Have you ever wondered how chickens can produce delicious eggs and meat while they are eating mostly grains and seeds? To do so, chickens need a healthy digestive system that can convert complex plant fibers into simple sugars. Gut microbes are responsible for this conversion. The simple sugars produced by the gut microbes can be used by the chickens to grow and produce proteins, which result in eggs and meat. Currently, more than 600 microbial species have been identified by analyzing microbial DNA extracted from chicken gut contents. The dominant bacteria in a chicken’s microbiome belong to bacterial groups called Proteobacteria, Firmicutes, Actinobacteria, and Bacteroidetes . Since most chicken gut microbes have not been successfully grown in the lab, their exact roles in chickens are still not understood.
To better understand the role of a chicken’s gut microbiota, we must first understand the digestive system in which they live. The microbiota within the chicken’s gut affect the chicken’s health because it has good and harmful microbes. The main purpose of the digestive system is to break down food into smaller molecules. The crop and the gizzard are important features of a chicken’s digestive system (Figure 1). A chicken’s crop stores water and food until it is digested further. The gizzard is also known as the “mechanical stomach” and its job is to use two pairs of muscles to grind food. Scientists have found that microbes living in the digestive systems of animals, including chickens, play a crucial role in the health of those animals. Microbes can help digest food and can protect animals from diseases, including those caused by pathogenic microbes.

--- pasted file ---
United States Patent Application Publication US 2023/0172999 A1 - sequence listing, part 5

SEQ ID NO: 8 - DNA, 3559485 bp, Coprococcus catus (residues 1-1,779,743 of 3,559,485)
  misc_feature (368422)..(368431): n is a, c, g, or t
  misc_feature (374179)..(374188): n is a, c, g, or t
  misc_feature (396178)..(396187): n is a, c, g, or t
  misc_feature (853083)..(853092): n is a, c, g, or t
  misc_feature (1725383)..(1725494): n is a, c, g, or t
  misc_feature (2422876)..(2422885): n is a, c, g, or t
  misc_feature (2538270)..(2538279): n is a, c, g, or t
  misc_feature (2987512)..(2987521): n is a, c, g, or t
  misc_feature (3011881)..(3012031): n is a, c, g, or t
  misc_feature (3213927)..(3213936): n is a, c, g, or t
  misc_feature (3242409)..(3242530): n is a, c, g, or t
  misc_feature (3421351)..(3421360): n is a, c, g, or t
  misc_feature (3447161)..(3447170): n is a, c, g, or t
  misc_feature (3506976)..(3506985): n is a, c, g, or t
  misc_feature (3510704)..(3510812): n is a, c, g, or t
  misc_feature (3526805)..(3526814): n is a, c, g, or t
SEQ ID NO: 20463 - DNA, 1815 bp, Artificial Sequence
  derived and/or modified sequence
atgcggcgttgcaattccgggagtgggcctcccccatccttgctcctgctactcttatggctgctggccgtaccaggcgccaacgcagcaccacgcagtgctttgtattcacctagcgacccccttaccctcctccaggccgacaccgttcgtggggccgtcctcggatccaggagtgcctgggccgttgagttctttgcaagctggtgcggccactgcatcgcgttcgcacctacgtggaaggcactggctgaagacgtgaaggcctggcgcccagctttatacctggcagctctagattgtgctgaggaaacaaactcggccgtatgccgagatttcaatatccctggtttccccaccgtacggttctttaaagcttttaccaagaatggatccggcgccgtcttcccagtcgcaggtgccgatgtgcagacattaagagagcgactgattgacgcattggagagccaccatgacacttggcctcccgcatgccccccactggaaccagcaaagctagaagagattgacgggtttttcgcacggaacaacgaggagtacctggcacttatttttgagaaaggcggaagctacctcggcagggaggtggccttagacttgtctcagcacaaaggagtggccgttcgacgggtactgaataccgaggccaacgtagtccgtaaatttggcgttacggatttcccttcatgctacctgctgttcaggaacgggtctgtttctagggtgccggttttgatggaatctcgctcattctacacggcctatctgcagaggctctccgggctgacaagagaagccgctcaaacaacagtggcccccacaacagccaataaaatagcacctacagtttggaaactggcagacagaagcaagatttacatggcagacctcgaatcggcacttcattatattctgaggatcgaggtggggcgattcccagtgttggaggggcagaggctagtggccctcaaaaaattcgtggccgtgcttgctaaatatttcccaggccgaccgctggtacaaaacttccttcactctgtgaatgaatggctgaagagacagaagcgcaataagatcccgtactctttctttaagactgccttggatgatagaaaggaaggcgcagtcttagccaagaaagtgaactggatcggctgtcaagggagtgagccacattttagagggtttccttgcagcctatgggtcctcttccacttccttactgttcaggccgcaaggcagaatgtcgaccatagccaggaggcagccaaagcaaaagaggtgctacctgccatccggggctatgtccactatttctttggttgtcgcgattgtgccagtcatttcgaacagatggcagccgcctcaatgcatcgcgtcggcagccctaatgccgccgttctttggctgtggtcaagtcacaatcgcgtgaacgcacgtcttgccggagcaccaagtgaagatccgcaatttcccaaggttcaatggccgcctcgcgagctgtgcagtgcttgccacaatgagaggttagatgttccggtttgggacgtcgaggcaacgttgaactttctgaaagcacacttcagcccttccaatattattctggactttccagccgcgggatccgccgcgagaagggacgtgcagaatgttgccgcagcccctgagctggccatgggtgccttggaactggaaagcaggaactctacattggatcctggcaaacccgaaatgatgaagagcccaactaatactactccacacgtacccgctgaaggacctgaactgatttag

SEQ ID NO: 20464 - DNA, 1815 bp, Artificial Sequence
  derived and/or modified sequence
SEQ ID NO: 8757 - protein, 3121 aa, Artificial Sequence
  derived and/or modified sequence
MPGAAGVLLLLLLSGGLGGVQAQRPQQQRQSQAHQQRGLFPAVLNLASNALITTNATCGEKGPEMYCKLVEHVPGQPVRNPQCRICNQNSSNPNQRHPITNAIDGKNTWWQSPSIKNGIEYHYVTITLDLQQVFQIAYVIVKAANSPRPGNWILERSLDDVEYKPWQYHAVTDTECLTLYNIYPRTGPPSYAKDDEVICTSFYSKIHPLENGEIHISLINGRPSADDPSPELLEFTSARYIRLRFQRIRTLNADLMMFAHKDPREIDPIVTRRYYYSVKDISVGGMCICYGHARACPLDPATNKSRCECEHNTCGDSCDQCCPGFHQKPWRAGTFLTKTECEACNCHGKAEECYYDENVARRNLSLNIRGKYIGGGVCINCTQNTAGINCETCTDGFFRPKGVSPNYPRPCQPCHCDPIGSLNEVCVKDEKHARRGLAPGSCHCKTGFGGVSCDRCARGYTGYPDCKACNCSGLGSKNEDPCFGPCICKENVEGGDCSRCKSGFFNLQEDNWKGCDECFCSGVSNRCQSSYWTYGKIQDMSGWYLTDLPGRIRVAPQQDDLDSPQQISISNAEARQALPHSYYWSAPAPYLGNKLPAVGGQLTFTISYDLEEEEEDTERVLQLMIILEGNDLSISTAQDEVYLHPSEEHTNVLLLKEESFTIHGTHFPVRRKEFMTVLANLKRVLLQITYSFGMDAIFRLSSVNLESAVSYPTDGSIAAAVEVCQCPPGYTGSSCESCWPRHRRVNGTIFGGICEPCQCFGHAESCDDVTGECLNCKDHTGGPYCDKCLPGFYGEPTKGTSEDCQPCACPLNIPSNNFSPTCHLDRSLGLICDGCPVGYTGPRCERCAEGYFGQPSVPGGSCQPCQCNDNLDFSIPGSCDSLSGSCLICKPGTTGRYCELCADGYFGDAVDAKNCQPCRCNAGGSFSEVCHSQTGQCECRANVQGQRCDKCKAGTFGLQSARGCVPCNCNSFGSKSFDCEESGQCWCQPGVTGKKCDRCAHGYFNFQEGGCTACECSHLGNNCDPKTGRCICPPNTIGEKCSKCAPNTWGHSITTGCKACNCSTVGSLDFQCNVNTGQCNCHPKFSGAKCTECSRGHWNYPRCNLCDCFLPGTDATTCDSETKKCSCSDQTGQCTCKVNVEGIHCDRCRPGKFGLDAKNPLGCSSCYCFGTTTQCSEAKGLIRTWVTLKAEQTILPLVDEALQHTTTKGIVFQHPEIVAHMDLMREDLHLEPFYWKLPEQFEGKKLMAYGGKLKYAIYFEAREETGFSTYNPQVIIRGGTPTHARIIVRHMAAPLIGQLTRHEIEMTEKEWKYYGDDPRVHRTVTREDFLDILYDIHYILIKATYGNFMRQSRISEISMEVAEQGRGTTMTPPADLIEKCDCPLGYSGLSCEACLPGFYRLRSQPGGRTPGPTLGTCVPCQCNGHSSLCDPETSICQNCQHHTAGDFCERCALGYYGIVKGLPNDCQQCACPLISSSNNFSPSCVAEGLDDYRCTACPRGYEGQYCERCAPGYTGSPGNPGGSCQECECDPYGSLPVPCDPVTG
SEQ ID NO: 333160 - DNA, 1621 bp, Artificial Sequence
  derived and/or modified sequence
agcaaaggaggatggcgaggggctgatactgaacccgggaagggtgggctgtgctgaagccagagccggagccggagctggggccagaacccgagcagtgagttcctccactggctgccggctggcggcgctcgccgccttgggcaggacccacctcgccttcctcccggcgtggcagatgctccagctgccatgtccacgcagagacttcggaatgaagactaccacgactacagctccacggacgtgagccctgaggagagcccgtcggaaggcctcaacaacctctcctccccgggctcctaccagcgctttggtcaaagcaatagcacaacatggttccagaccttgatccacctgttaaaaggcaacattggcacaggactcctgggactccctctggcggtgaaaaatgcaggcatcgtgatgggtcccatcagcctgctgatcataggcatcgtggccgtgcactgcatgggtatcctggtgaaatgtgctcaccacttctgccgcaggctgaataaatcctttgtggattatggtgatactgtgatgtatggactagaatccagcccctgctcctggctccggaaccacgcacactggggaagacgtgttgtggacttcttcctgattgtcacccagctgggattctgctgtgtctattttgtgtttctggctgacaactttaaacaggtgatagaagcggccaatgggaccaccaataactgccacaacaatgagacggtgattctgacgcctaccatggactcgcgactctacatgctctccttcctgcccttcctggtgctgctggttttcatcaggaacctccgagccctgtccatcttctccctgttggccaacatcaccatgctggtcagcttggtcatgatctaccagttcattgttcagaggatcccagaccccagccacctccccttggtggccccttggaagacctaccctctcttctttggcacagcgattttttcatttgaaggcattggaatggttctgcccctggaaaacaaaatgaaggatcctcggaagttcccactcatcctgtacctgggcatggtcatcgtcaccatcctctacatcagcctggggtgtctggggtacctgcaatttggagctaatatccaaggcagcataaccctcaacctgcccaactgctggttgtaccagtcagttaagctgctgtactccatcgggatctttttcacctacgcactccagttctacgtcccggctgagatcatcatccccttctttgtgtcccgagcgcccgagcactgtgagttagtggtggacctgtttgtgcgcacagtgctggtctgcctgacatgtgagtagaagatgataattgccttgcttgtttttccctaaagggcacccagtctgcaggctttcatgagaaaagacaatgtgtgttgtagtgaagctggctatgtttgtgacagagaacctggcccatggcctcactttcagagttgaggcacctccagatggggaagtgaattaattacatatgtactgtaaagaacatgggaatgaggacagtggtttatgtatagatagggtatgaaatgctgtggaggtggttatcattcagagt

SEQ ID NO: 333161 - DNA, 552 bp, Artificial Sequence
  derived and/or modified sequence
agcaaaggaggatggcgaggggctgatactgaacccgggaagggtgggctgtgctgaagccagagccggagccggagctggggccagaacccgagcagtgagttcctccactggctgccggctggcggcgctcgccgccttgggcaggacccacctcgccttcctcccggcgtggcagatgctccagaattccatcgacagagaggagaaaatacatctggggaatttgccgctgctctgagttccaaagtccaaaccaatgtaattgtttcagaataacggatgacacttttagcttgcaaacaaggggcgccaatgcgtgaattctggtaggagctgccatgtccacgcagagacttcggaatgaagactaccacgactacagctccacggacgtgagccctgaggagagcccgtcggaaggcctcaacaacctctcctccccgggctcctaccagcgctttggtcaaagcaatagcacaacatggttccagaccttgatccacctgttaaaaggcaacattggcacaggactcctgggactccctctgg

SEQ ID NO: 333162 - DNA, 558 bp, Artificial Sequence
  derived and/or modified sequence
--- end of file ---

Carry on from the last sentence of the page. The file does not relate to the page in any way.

Where do these good microbes that help chickens stay healthy come from? When chicks are raised with their mother hen, chicks obtain the good microbes by eating some of their mother’s droppings (poop). However, in large farms, chicks are often raised without the mother hen. When this is the case, good microbes are added to the chicks’ feed.
Plant-based pre-biotics are substances that come from plants that, when eaten, increase the growth of good microbes and inhibit pathogens . Plant-based pre-biotics come in many forms, including essential oils, herbs, chemical compounds isolated from plants, and fruit peels. They support a healthy microbiome and have many benefits for a chicken’s overall health. A healthy microbiome keeps chickens healthy and allows them to produce high-quality eggs and meat (Figure 2).
Several harmful types of bacteria are known to reside in the digestive tracts of chickens. Clostridium perfringens, for example, can cause an infection that leads to tissue damage and even death . Researchers found that when chickens were given a blend of two essential oils called thymol and carvacrol, it decreased tissue damage caused by C. perfringens . A different blend of essential oils (thymol, cinnamaldehyde, and eucalyptus oil) was found to decrease the number of chickens infected with Clostridium perfringens .